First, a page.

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It was 7:30 a.m. The sunrise was supposed to happen five minutes earlier. Clouds had rolled in to obscure it. Rain and storms arrived the night before. The early morning Sunday October sky was dark and beautiful. Without thinking about it, I found that I was headed to a part of the trail I rarely walked. About a quarter of a mile in, I noted the three abandoned antique vehicles in the brush. The broken, ancient barbed wire fence appeared, its length sporadically still intact.

Over the last year, the wild brush and trees on the other side called to me as I walked by them. I had no idea who owned it. The apparent neglect signaled to me that such a careless owner did not own it at all. The serpentine topography hid all clues about precisely where I was, as did the dense canopy of trees. When I approached the creek bed that flowed under the presumptive fence, I saw that the fence there was gone. Though my shoes were inappropriate for anything except pavement, I stepped through the gap.

With the second step, the air brightened, and the scent of fall decay receded. I took a dozen more steps and pushed against the gnarled branches.

Though the valley should have been shadowy and dark, I could feel the sun’s rays touching my neck. I looked behind me to see that the neglected bushes and trees were gone. In its place was an ankle-high expanse of grass and flowers. I felt like I was experiencing a hybrid dream, one combining Narnia and early-morning half-slumber.

I turned back to look. Instead of foliage, I saw a large red barn with its doors wide open. A hammer clanged rhythmically inside it. A mule stood nearby, untethered.

The hammer continued its work.

“Come on in, I’ve been waiting.” The voice was baritone and melodic.

I didn’t hesitate to walk forward. As I passed it, I rubbed the mule’s neck. It turned slightly to welcome it.

Though the voice did not match my memory, I already knew who would be standing there. I could feel the surety of it.

He appeared to be about forty-five. I never knew him as anything other than old, with a brutal life already behind him.

He wore an old pair of work pants and an oddly green shirt.

“Grandpa? It is you, isn’t it? Your voice is different.” I hesitated.

“I have the voice that belongs to the ideal me. Can I call you Little Bobby, the name I used when we sat on the porch swing together?”

I nodded. Without answering, I walked up to him and hugged him like I learned to do as an adult. He smelled of Old Spice, sawdust, and Cannonball chewing tobacco.

“Little Bobby, I’m most proud that you leaned away from hardness. It could have gone either way for you. I’ve waited forty-four years and three hundred and sixty-two days to tell you that.”

“Yes, but I feel like a failure, Grandpa.”

He smiled.

“I know. None of that is real, son. None of it.” Grandpa put his hand on my shoulder.

He laughed. “I can’t tell you any secrets that you can share. My words are for you only. That’s how it is done. One hour with you is all we get. Help me with this horseshoe, and we’ll talk. Agreed?”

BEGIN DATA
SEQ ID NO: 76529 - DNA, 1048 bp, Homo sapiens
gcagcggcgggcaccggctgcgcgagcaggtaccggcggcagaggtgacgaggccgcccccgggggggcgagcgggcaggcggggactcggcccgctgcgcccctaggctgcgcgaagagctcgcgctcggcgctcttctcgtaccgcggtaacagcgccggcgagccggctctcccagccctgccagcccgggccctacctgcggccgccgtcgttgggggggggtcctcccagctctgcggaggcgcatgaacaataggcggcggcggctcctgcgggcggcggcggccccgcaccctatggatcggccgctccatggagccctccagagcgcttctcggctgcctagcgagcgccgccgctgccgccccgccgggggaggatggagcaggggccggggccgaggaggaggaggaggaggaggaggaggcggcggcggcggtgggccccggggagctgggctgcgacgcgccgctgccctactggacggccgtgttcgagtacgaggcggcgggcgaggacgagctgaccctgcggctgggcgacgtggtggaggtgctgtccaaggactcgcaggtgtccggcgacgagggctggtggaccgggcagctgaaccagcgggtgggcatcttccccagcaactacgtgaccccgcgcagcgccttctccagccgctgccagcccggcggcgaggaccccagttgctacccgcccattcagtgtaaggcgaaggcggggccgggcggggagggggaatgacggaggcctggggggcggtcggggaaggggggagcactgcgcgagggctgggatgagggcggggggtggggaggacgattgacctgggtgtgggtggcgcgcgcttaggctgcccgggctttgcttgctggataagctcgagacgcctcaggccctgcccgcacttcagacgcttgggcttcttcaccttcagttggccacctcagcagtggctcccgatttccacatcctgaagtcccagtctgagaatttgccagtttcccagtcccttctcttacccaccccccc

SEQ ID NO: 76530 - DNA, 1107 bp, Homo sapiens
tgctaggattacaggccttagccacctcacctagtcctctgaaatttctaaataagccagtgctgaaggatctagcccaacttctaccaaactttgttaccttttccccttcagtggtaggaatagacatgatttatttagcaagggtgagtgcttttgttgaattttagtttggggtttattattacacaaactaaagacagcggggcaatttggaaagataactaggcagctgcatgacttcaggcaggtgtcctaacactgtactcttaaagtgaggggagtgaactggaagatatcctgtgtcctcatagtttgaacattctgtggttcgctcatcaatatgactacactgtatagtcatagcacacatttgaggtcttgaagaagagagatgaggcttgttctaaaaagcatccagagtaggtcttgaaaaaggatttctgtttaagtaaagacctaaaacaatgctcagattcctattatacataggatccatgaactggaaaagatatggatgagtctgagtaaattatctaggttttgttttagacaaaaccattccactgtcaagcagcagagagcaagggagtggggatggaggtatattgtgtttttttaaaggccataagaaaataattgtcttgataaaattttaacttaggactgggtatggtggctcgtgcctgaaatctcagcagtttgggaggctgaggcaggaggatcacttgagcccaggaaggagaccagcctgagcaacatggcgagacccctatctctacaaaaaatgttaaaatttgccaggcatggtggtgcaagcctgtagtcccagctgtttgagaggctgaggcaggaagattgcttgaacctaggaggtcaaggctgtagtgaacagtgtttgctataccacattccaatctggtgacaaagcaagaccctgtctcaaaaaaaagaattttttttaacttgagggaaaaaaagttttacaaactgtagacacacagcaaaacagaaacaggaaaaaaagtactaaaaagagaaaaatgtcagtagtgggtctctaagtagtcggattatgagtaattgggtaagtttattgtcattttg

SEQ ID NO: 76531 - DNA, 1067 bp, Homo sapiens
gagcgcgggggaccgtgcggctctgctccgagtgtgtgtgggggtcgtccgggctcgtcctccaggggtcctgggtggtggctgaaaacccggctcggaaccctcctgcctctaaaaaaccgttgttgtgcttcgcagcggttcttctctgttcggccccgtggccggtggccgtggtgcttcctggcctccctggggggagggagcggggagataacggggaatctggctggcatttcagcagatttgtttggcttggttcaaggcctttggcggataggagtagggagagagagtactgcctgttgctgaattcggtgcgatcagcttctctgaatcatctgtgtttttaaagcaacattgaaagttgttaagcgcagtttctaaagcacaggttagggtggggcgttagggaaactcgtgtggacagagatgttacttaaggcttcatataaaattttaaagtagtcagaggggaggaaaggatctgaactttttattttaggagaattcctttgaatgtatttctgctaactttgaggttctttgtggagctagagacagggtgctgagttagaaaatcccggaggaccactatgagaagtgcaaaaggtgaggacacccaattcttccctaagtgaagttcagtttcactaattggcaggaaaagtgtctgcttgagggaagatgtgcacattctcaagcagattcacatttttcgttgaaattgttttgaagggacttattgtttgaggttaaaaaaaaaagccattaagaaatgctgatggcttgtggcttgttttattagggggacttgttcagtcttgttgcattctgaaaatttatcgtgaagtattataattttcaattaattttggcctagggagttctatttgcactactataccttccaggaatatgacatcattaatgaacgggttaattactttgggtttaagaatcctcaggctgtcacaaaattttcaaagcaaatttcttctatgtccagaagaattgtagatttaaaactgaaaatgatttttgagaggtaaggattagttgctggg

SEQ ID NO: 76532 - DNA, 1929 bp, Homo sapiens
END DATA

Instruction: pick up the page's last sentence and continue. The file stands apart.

“Yes. Let me help you mess this shoe up. I’m no good at this sort of thing.”

“You were almost a carpenter Little Bobby. And a farmer. Now you’re a writer. Because your job is to find a way to communicate the truth I’m going to share with you without violating the rules here.”

I stood next to Grandpa as he hammered the upper edges of the old horseshoe. The clang of metal was constant and comforting.

Grandpa began to talk, his voice even and confident. I felt like the little boy who sat next to him on the porch swing in Monroe County. Grandpa wasn’t a talkative man nor expressive. Wherever I was, I wanted to stand there forever as he talked. As his voice trailed to a whisper, I realized that the hour was over.

I hugged Grandpa. Instead of sadness, I felt joyous.

“Remember what I’ve told you, Little Bobby. Go live the rest of your life and find a way to share it. We’ll meet again one day and not in the way you expect. You’ll see.”

He turned back to finish another horseshoe, the heavy metal hammer rising and falling.

I walked through the barn doors and ran my hand along the mule’s neck again. Expecting reluctance, I found myself consumed by haste. Not to leave this place but to return to my life, one that would never be the same. In moments I was standing on the trail again, the gap between the creek and fence behind me. Light rain spattered my head and shoulders.

I know you want to know what Grandpa said to me.

I haven’t had enough time to process it, disguise it, and repeat it back. It’s likely that most people wouldn’t accept it. That’s how truth works. It’s obvious after-the-fact but a difficult pill at first.

I’ll give you a hint:

Go outside and look up at the dark sky. Feel the rain lingering in the air. Get a cup of coffee. Find a loved one and put your hand on their arm or run your fingers through their hair. Silence troubled words, worry, or distress that you have no control over your life or the world. Look inside and toward rather than away from.

Hidden inside those words is a world of truth. It’s a zen puzzle that’s not a puzzle at all.

Somewhere, the hammer still rises and falls.

Shadows turn to sunlight.

Voices echo with resonance and truth.

If you’re not sharing your voice and your love, you’re missing the point of everything.

Love, X
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